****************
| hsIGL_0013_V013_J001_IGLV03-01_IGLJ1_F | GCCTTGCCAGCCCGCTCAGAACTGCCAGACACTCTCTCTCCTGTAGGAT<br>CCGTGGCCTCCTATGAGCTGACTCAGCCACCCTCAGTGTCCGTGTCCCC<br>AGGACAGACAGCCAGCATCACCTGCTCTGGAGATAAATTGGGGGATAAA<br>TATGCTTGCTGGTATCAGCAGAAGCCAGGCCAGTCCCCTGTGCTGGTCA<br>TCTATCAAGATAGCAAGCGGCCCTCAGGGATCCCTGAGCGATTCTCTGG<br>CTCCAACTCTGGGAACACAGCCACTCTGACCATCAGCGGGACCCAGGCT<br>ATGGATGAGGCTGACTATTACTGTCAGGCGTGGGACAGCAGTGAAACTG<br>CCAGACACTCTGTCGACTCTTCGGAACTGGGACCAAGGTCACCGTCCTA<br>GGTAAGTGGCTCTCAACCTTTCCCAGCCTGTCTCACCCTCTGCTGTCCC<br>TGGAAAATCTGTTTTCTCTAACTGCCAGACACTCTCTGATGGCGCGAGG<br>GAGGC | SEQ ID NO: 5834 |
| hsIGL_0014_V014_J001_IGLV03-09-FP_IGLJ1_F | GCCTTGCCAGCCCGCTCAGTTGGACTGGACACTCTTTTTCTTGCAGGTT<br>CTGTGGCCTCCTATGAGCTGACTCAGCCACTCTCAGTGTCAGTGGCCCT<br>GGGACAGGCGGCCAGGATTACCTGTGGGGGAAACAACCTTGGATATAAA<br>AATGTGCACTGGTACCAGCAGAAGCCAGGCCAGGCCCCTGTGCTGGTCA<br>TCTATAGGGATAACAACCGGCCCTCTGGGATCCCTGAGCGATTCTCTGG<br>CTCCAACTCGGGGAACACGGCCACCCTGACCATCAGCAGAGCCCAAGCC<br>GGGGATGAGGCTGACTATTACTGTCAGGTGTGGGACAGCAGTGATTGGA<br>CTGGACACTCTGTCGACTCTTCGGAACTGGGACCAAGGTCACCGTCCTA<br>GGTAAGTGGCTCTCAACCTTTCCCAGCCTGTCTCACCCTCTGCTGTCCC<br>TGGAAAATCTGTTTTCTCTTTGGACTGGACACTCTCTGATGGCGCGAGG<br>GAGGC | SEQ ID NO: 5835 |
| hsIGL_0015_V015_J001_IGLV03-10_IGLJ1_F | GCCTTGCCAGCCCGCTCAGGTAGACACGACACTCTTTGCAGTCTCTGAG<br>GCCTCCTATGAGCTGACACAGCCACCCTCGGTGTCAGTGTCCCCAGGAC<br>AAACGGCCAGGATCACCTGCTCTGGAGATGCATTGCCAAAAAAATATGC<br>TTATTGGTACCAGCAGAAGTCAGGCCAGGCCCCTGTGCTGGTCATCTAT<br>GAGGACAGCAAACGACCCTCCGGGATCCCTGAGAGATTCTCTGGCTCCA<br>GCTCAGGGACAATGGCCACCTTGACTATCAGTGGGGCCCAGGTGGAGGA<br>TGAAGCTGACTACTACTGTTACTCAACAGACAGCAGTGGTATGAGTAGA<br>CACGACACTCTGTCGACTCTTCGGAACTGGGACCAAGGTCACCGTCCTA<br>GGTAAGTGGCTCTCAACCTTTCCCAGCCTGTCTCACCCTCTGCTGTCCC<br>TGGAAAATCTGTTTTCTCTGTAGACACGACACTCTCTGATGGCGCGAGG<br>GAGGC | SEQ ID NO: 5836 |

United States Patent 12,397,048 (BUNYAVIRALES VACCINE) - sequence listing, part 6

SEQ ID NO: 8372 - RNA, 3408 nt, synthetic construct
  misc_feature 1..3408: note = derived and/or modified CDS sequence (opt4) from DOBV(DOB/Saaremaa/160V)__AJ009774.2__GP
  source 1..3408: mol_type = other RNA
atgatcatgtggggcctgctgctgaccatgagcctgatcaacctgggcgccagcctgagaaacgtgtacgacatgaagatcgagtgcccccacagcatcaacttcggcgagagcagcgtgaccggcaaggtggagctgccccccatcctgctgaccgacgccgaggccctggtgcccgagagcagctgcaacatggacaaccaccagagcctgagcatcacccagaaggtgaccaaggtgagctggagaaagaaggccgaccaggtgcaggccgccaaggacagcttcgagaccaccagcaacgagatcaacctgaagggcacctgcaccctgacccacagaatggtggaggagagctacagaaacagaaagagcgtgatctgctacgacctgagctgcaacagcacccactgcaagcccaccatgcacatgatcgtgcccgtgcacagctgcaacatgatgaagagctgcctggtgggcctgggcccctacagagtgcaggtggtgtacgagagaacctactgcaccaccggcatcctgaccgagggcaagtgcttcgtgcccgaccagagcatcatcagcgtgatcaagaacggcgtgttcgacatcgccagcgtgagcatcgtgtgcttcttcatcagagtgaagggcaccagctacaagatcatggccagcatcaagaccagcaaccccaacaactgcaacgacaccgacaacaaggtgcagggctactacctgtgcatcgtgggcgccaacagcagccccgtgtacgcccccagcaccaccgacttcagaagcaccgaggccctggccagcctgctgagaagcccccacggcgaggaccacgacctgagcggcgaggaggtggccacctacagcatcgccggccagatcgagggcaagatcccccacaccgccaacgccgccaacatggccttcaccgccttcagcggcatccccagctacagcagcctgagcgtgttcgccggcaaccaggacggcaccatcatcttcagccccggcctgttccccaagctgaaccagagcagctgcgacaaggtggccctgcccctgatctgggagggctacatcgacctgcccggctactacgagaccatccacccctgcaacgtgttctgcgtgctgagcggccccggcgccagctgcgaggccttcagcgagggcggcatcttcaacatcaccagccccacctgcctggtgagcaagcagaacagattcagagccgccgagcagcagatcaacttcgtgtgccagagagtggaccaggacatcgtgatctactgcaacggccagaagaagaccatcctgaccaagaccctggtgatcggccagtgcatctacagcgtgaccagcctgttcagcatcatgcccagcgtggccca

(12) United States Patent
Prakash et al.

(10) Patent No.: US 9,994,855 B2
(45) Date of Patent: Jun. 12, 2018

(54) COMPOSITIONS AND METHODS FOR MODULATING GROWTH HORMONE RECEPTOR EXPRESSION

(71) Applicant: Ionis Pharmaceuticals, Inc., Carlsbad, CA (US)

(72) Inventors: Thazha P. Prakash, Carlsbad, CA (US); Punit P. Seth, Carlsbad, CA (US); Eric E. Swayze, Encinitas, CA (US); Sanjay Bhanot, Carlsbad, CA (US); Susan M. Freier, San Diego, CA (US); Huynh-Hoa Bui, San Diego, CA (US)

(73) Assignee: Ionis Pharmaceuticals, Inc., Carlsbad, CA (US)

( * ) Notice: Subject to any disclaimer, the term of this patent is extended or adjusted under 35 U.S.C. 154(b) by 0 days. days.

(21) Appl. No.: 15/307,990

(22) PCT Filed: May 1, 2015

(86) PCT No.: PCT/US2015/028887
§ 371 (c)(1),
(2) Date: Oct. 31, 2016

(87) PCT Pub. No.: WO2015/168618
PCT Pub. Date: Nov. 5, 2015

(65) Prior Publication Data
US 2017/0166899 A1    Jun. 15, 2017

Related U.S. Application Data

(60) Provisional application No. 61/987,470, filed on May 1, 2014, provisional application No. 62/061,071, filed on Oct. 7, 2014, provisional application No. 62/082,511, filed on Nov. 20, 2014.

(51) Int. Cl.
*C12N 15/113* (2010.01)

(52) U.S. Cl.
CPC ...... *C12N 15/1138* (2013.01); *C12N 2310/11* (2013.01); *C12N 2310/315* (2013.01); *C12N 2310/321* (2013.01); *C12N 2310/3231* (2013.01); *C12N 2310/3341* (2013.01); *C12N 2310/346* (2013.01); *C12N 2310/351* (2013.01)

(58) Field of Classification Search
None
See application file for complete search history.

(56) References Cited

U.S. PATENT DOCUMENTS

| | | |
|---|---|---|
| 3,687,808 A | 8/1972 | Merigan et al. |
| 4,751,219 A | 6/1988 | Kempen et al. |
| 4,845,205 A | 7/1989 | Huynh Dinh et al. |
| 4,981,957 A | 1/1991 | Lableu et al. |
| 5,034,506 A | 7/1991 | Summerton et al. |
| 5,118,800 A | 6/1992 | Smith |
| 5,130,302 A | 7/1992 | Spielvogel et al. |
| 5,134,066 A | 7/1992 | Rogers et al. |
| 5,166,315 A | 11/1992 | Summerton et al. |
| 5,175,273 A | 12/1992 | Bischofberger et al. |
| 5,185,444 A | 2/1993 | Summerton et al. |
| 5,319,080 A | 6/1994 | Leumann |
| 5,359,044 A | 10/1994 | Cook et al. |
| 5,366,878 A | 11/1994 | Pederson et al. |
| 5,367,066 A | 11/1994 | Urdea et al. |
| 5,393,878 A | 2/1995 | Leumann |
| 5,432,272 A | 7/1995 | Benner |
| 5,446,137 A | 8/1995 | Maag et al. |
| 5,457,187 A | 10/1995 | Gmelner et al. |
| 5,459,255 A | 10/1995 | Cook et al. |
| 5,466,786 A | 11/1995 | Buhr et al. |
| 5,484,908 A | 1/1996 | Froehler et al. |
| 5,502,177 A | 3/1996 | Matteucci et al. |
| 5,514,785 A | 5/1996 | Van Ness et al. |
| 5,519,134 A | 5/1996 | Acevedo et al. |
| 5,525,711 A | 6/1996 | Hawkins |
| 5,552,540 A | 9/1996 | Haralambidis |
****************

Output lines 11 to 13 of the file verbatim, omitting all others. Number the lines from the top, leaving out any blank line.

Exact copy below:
(10) Patent No.: US 9,994,855 B2
(45) Date of Patent: Jun. 12, 2018

(54) COMPOSITIONS AND METHODS FOR MODULATING GROWTH HORMONE RECEPTOR EXPRESSION